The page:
Head Lice continued...
To treat, parents can use an over-the-counter product with permethrin (Nix), pyrethrin (Rid), or spinosad (Natroba). Lice kits usually contain a special shampoo that is left on the hair for 10 minutes and then washed out, and a fine-toothed comb to remove any remaining eggs.
Another treatment is a lotion called Sklice, which doesn’t use a comb. One treatment may be all that's needed. The key ingredient is ivermectin, a powerful parasite killer. You can use it on kids as young as 6 months.
Clearing up lice also requires that you thoroughly clean house. Vacuum the rugs and furniture, and then wash all of the child's clothes, hats, bedding, and towels in hot water. Dry-clean items you can’t wash, like stuffed animals, or seal them in plastic bags for two weeks. Experts recommend that you continue to check the hair for two to three weeks to make sure that all of the lice and nits (eggs) are gone. Use another lice kit after 10 days. This will kill any bugs that survived the first round of treatment.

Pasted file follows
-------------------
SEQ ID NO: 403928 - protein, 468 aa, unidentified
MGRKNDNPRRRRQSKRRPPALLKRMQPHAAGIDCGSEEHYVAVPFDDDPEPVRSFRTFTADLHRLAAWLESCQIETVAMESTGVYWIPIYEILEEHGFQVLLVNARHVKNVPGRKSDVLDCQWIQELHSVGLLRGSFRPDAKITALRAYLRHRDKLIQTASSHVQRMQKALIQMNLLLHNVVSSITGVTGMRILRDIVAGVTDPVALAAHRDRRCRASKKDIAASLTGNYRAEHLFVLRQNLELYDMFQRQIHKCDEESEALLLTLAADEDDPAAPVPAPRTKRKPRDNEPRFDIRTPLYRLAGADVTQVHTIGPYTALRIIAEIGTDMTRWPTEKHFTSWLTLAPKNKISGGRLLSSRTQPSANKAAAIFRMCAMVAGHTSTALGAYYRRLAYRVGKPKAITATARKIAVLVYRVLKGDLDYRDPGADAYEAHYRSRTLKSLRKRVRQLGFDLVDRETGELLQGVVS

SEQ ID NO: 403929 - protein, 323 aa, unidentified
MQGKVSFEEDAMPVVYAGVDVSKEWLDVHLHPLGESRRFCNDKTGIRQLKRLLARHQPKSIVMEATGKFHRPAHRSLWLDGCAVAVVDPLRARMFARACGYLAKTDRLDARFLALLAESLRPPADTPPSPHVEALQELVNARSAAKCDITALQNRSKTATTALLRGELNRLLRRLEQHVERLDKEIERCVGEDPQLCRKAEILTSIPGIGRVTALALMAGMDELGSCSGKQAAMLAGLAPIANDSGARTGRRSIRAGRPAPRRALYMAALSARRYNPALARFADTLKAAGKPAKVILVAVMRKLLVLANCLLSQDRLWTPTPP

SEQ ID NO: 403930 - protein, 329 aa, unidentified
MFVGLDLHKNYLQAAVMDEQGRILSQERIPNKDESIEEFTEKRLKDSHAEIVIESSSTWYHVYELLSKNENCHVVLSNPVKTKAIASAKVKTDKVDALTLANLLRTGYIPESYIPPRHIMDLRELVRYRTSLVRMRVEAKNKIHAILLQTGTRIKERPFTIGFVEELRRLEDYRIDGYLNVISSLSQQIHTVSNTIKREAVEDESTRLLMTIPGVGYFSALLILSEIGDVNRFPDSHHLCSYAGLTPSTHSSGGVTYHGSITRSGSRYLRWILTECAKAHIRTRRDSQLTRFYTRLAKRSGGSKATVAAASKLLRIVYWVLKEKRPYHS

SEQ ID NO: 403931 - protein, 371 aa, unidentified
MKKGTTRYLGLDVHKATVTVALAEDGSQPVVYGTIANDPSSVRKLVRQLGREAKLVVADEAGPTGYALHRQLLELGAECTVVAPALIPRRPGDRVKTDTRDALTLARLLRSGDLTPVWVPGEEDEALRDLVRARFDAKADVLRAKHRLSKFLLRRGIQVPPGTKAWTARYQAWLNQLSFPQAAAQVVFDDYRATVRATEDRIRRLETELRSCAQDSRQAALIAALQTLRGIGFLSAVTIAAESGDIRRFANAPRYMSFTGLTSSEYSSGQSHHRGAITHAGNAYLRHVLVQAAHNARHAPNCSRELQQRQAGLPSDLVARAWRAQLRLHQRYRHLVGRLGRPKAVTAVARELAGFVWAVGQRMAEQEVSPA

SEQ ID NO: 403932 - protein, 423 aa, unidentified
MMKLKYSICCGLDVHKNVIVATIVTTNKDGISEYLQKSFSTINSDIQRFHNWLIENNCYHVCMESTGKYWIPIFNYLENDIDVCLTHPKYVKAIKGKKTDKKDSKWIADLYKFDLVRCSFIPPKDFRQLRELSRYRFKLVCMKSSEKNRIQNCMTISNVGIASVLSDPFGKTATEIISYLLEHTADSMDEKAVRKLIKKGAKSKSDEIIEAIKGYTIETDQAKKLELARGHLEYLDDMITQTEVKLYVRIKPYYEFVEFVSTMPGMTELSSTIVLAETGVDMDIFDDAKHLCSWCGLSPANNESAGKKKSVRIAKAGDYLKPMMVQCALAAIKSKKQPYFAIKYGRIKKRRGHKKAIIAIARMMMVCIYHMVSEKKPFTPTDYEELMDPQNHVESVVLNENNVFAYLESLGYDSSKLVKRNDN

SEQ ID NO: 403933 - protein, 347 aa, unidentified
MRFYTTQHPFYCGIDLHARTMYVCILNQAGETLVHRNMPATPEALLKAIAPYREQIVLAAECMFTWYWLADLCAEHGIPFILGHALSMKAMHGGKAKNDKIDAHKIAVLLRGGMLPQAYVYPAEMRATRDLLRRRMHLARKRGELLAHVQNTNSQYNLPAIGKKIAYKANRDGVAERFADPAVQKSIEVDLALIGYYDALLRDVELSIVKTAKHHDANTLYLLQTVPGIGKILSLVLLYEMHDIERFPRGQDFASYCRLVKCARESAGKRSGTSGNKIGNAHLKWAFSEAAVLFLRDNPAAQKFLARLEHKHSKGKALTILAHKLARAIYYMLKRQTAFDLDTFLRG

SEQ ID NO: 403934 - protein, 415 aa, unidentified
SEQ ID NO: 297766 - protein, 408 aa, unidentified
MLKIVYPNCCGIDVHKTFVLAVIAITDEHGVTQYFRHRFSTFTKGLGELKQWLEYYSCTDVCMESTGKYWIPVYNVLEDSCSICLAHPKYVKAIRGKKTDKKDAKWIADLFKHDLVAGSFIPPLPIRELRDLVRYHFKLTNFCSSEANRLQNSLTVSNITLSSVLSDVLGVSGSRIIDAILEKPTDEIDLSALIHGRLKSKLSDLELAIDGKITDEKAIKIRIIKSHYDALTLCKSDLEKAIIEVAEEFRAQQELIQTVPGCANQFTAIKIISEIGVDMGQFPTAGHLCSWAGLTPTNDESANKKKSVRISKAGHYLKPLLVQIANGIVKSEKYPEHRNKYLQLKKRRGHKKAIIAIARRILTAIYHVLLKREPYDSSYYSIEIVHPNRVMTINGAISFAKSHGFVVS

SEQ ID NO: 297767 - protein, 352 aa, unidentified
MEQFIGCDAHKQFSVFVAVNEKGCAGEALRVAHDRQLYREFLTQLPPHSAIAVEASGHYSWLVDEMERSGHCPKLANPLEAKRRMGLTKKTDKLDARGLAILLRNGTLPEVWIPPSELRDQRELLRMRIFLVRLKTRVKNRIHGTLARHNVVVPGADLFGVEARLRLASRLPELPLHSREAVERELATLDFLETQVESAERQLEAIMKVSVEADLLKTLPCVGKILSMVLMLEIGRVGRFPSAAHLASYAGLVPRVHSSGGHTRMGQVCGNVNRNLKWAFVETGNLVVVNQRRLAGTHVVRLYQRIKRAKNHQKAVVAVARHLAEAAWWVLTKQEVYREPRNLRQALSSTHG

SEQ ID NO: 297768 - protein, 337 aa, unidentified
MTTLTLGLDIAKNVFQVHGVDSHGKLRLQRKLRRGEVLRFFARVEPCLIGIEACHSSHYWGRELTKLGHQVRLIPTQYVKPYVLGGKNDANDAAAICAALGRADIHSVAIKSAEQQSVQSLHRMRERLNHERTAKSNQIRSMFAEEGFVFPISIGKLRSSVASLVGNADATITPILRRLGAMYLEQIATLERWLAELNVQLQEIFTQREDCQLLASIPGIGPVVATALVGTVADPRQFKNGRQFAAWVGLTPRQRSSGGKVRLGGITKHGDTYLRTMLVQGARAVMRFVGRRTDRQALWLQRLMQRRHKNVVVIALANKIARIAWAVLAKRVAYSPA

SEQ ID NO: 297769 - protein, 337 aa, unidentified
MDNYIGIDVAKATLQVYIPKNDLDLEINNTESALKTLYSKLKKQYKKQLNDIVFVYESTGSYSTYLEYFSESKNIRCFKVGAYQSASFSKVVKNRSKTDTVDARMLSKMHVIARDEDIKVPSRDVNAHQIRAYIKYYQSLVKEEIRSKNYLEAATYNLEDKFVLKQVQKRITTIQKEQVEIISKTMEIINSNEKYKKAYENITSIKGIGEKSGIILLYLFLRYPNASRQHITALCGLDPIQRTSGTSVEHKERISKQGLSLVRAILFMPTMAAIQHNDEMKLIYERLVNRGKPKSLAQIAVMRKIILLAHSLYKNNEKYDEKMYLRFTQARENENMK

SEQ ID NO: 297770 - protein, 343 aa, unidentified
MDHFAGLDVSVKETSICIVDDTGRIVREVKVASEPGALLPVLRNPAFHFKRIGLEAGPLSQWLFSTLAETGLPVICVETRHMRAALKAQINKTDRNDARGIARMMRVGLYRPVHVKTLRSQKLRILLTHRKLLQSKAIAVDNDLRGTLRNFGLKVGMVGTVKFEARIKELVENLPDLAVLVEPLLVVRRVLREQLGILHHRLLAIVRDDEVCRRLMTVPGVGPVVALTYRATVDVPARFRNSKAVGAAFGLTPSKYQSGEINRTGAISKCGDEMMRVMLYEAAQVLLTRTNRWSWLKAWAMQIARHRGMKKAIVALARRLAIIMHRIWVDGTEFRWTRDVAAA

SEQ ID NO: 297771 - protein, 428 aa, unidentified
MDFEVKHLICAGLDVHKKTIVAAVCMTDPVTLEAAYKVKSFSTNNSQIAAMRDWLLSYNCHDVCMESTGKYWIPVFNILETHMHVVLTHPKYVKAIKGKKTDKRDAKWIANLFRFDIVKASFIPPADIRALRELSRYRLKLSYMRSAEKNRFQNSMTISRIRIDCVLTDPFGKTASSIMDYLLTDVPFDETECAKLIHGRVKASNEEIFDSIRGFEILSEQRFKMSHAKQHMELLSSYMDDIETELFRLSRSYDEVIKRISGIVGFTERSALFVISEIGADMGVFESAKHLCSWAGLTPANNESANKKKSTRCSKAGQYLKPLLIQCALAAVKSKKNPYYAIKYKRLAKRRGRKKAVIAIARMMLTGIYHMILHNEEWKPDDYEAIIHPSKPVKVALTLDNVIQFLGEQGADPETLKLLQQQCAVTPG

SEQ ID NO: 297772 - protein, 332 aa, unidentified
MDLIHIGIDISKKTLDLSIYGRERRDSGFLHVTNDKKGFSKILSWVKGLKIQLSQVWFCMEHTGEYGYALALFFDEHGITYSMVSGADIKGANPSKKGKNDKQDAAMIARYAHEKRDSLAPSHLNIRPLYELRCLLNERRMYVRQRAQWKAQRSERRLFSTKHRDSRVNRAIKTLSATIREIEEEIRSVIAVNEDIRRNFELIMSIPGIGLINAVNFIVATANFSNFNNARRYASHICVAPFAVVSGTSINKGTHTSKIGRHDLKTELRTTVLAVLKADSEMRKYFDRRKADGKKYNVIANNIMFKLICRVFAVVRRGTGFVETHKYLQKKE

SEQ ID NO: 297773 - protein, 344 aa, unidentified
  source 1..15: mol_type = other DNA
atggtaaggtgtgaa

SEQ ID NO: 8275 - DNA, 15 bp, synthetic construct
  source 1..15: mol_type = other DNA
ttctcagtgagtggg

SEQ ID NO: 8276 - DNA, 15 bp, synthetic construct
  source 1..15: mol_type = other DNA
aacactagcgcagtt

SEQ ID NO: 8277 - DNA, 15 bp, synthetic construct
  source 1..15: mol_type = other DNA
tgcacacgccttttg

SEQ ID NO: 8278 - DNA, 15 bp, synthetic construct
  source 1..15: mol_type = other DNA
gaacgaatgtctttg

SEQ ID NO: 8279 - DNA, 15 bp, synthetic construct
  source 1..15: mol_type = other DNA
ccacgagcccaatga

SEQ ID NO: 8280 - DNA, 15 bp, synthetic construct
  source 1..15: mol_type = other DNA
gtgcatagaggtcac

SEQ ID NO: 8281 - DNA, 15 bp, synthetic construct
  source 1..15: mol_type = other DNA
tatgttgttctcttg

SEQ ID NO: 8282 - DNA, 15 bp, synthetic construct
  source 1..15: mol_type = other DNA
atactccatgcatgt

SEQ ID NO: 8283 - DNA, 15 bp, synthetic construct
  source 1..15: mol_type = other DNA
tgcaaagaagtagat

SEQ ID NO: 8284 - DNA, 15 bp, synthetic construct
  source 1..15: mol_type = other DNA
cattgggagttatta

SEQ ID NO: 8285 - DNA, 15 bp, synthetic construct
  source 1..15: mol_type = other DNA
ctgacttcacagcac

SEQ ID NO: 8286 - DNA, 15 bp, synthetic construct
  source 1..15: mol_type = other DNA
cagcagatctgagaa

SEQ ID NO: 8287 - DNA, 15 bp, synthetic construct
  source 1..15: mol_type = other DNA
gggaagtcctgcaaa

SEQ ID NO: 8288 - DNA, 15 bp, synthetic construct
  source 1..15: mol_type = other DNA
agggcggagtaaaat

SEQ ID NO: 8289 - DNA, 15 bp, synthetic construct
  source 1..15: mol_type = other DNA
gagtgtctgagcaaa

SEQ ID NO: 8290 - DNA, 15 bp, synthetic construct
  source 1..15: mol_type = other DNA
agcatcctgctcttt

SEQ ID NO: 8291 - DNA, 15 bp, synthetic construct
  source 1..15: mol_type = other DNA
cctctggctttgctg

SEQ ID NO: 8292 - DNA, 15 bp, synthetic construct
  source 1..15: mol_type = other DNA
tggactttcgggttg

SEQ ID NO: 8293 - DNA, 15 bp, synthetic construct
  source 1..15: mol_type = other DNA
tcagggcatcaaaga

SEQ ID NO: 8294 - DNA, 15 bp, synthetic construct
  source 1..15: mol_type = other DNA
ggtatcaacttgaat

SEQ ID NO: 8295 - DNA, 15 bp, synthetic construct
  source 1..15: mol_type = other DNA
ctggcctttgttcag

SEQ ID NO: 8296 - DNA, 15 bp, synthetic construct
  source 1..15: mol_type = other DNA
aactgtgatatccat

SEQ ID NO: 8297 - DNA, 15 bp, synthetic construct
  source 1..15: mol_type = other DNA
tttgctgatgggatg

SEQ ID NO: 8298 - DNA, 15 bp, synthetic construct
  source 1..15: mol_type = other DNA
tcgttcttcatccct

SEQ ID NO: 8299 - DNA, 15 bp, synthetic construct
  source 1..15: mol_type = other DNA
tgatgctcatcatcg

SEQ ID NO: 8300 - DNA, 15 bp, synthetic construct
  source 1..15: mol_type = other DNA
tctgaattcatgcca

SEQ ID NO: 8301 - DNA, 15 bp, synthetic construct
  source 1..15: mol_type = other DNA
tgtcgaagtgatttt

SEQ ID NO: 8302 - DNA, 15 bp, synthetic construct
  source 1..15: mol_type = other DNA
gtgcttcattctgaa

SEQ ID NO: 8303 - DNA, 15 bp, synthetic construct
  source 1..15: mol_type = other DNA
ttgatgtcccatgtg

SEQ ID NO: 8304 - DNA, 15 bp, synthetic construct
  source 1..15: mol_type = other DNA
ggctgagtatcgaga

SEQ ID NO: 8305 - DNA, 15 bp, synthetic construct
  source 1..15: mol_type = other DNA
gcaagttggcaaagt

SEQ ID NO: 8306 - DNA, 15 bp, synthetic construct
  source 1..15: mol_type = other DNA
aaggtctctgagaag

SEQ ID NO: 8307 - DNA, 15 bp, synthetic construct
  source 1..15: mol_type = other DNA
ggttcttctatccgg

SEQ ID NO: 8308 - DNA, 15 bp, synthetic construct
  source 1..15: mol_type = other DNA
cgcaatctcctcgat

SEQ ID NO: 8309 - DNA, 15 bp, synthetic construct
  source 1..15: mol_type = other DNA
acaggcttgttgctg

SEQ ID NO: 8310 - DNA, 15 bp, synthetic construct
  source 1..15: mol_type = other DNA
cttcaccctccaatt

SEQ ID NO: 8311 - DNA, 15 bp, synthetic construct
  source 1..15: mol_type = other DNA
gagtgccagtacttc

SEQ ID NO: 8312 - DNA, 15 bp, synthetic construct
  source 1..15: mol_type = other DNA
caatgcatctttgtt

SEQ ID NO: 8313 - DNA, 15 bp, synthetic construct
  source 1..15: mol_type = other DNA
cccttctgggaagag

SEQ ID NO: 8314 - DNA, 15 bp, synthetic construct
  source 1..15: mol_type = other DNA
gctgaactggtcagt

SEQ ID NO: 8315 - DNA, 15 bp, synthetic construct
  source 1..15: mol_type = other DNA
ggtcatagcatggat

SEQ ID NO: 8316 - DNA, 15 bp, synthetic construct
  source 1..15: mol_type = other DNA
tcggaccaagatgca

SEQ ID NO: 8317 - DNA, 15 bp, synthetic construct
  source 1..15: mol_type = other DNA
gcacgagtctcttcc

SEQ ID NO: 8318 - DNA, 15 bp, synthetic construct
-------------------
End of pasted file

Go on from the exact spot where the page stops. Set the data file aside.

Despite the name, ringworm has nothing to do with worms. It's an infection that leaves round, scaly, red rashes and patches of hair loss on the scalp. Ringworm is most common in children between the ages of 3 and 7, but it can affect adults, too. It’s spread through close contact or by sharing hats, clothing, towels, and combs. In rare cases, it's possible to catch ringworm from a dog or cat.
To kill the fungus, you must treat ringworm on the scalp with medications taken by mouth. Treatment may take up to 12 weeks. Using an antifungal shampoo may help reduce the risk of spreading the infection to family members and classmates. It's important for anyone who has ringworm to avoid sharing personal items like combs, hats, and towels.
If your child is taking an antifungal medicine, he’s safe to go to school. And you don’t have to cut his hair.
Folliculitis is an inflammation or infection of the hair follicle, the sac that contains the root of the hair. It's usually caused by bacteria (usually staphylococcus) that find their way into the hair follicles from a nearby infection. The follicles also can be irritated from shaving, makeup, or clothing. Some people get folliculitis after taking a dip in a hot tub.
Look for small, pus-filled pimples. Some mild cases will go away without treatment, but an antibiotic can help clear up the bacteria quickly. If shaving, waxing, or plucking is the cause, you may need to hold off on these for a few weeks to allow healthy hair to grow. Be sure to keep the affected area clean, cool, and dry.